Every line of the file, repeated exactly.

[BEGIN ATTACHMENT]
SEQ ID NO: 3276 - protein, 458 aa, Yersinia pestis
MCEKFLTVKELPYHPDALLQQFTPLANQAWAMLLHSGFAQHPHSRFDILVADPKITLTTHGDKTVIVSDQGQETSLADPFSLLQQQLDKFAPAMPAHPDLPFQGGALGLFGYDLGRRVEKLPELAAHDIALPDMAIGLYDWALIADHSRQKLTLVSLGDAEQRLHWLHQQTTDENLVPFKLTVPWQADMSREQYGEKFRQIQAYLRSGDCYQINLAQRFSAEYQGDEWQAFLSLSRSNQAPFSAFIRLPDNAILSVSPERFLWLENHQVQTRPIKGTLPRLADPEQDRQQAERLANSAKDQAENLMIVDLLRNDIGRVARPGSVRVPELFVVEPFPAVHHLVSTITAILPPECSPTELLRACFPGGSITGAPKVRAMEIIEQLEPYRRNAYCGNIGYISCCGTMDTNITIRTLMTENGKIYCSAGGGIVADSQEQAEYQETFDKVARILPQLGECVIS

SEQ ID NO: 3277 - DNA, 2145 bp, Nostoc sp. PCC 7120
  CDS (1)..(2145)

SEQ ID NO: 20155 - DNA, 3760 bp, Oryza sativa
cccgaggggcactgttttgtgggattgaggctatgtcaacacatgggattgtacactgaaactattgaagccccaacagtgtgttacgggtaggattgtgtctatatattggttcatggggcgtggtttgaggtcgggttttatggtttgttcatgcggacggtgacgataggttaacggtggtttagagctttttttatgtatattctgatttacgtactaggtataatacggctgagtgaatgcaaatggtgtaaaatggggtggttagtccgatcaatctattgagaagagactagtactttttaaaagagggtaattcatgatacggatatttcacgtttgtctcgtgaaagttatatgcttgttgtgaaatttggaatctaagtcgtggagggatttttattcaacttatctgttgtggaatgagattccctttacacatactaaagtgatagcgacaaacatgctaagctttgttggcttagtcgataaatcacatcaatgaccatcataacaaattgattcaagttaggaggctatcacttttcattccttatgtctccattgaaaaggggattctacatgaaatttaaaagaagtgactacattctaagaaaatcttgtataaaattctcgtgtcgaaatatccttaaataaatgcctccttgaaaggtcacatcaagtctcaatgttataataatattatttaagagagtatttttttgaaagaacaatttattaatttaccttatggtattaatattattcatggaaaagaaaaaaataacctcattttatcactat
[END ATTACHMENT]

SEQ ID NO: 3276 - protein, 458 aa, Yersinia pestis
MCEKFLTVKELPYHPDALLQQFTPLANQAWAMLLHSGFAQHPHSRFDILVADPKITLTTHGDKTVIVSDQGQETSLADPFSLLQQQLDKFAPAMPAHPDLPFQGGALGLFGYDLGRRVEKLPELAAHDIALPDMAIGLYDWALIADHSRQKLTLVSLGDAEQRLHWLHQQTTDENLVPFKLTVPWQADMSREQYGEKFRQIQAYLRSGDCYQINLAQRFSAEYQGDEWQAFLSLSRSNQAPFSAFIRLPDNAILSVSPERFLWLENHQVQTRPIKGTLPRLADPEQDRQQAERLANSAKDQAENLMIVDLLRNDIGRVARPGSVRVPELFVVEPFPAVHHLVSTITAILPPECSPTELLRACFPGGSITGAPKVRAMEIIEQLEPYRRNAYCGNIGYISCCGTMDTNITIRTLMTENGKIYCSAGGGIVADSQEQAEYQETFDKVARILPQLGECVIS

SEQ ID NO: 3277 - DNA, 2145 bp, Nostoc sp. PCC 7120
  CDS (1)..(2145)

SEQ ID NO: 20155 - DNA, 3760 bp, Oryza sativa
cccgaggggcactgttttgtgggattgaggctatgtcaacacatgggattgtacactgaaactattgaagccccaacagtgtgttacgggtaggattgtgtctatatattggttcatggggcgtggtttgaggtcgggttttatggtttgttcatgcggacggtgacgataggttaacggtggtttagagctttttttatgtatattctgatttacgtactaggtataatacggctgagtgaatgcaaatggtgtaaaatggggtggttagtccgatcaatctattgagaagagactagtactttttaaaagagggtaattcatgatacggatatttcacgtttgtctcgtgaaagttatatgcttgttgtgaaatttggaatctaagtcgtggagggatttttattcaacttatctgttgtggaatgagattccctttacacatactaaagtgatagcgacaaacatgctaagctttgttggcttagtcgataaatcacatcaatgaccatcataacaaattgattcaagttaggaggctatcacttttcattccttatgtctccattgaaaaggggattctacatgaaatttaaaagaagtgactacattctaagaaaatcttgtataaaattctcgtgtcgaaatatccttaaataaatgcctccttgaaaggtcacatcaagtctcaatgttataataatattatttaagagagtatttttttgaaagaacaatttattaatttaccttatggtattaatattattcatggaaaagaaaaaaataacctcattttatcactat